Monday, May 30, 2016
Roses and Rot
Imogen and Marin are sisters who were once best friends. When Imogen left their abusive home years ago, they never kept in touch despite her reaching out. Now, they just recently began talking again and agreed to apply for Melete, a prestigious artist colony, in their specific area of expertise. Imogen is a writer while Marin is a dancer. Both are accepted and both are excited yet nervous to live together again. The past is ignored and they pick up where they left off. As their residency goes on, they are both chosen to possibly get an extension to stay and work on their craft, but it rapidly becomes clear that both of them can't get this coveted prize and the colony is not as benevolent and normal as they thought.
Imogen came from a violent home thanks to her abusive mother. Imogen was the sole target of the violence, but Marin shared the emotional abuse and manipulation their mother doled out on a daily basis. Imogen coped by leaving for boarding school after a horrific event that left her scarred for life. It's nice to see the view of people with abusive family members who aren't eager to visit them on holidays or happy to receive letters or gifts from them. As shown in the story, these gifts and other forms of communication are often laced with emotional bombs that aim to hurt and sabotage. I can see Imogen's point of view and I understand her motivations even as they're being misinterpreted by others.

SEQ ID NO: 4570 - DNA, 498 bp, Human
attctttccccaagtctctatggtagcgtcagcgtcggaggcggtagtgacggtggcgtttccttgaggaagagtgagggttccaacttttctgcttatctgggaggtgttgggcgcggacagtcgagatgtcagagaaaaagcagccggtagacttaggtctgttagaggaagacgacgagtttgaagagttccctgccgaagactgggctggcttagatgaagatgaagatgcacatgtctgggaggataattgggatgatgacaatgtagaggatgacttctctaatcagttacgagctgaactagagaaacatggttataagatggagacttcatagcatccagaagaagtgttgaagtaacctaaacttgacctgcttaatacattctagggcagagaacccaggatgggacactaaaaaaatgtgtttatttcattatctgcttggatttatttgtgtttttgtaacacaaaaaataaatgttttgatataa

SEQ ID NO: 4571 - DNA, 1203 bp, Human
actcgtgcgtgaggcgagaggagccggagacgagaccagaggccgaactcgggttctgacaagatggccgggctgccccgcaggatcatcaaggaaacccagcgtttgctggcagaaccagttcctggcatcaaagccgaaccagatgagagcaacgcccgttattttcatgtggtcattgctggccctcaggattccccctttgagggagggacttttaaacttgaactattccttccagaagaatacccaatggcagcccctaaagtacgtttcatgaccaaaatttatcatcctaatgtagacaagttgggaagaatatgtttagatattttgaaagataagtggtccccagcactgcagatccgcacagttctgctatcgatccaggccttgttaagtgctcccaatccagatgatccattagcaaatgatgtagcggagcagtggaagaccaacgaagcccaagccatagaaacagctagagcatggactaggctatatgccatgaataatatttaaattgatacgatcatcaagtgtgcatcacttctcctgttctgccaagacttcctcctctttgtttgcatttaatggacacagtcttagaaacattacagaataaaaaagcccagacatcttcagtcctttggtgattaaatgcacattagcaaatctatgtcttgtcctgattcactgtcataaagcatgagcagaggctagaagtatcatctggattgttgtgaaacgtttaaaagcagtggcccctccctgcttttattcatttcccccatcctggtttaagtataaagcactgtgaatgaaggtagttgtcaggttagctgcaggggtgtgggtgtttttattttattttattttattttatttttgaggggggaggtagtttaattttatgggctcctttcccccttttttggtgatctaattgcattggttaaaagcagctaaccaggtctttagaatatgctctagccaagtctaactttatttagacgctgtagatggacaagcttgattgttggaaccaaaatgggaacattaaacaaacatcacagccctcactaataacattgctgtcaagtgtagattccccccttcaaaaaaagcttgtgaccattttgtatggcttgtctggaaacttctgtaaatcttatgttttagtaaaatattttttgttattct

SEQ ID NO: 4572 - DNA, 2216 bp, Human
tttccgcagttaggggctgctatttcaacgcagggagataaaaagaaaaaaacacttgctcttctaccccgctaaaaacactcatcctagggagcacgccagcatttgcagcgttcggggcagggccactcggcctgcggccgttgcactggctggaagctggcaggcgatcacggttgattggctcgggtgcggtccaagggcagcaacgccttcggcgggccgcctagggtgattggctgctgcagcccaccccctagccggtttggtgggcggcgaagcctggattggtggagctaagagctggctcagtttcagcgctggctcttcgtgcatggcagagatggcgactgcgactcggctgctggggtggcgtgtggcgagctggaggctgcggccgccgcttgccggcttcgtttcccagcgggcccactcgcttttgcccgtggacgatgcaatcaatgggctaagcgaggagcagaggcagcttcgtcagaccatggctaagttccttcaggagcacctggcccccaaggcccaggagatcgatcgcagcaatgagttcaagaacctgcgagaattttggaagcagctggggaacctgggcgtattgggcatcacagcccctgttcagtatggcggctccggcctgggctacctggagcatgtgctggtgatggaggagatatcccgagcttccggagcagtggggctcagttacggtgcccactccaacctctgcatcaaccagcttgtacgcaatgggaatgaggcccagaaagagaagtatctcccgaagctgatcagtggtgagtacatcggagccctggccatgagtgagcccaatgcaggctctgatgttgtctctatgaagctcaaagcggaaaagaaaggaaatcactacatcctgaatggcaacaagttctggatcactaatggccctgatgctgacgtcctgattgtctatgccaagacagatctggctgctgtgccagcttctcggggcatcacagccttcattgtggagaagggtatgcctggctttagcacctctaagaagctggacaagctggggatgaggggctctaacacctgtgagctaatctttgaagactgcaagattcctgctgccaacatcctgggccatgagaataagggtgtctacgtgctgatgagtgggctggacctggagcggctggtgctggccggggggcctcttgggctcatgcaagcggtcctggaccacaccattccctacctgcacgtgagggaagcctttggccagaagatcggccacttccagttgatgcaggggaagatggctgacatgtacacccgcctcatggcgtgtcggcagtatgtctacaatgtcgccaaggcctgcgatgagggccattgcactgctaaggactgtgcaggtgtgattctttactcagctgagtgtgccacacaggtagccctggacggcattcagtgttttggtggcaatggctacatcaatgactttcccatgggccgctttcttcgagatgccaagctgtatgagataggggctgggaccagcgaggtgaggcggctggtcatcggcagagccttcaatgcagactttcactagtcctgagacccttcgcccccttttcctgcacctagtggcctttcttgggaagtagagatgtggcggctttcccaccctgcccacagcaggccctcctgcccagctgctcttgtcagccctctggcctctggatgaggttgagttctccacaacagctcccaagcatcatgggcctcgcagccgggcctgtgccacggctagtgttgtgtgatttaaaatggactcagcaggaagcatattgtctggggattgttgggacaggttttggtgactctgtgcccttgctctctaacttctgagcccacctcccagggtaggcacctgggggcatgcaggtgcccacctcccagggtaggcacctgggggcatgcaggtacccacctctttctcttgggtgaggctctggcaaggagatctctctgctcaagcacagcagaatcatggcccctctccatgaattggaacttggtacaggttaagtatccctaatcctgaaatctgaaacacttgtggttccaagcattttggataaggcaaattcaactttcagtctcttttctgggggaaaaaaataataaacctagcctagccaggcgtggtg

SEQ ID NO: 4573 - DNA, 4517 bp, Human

Melete appears to be a beautiful, eclectic haven for artists with a large dose of whimsy. At first, everything is idyllic and inviting for new art. After a while, the pressure starts to get to people because they are supposed to be doing something brilliant while they are there. Imogen starts to see things that get more and more difficult to explain away. Melete is closely tied to another world that infuses it with magic that at first is wonderful, but then shows its dark side. The novel is entrenched in fairy tales and the writing shows the positive and negative aspects. Some forget with the popularity of Disney films that fairy tales punish harshly as often as they dole out rewards. Magic beings are the same. They can bestow luck and seem benevolent, but they are inhuman at their core. Howard does a wonderful job of portraying both the beautiful and sinister parts of her fantasy world.
The one thing I found lacking was Marin. She is more removed because the novel is primarily through Imogen's eyes. Her choices and actions just confused me. She always seemed to assume the worst when it came to Marin and even cut her deeply with lines right out of their abusive mother's mouth. Her insecurity causes her to be quite cruel to Imogen to an almost cartoonish degree. I wish her character would have been more nuanced because I just wanted her gone by the end and found her undeserving of all of Imogen's efforts to save her. Other than that, Roses and Rot was a darkly magical read. I will definitely be looking forward to more from Kat Howard.
My rating: 4/5 fishmuffins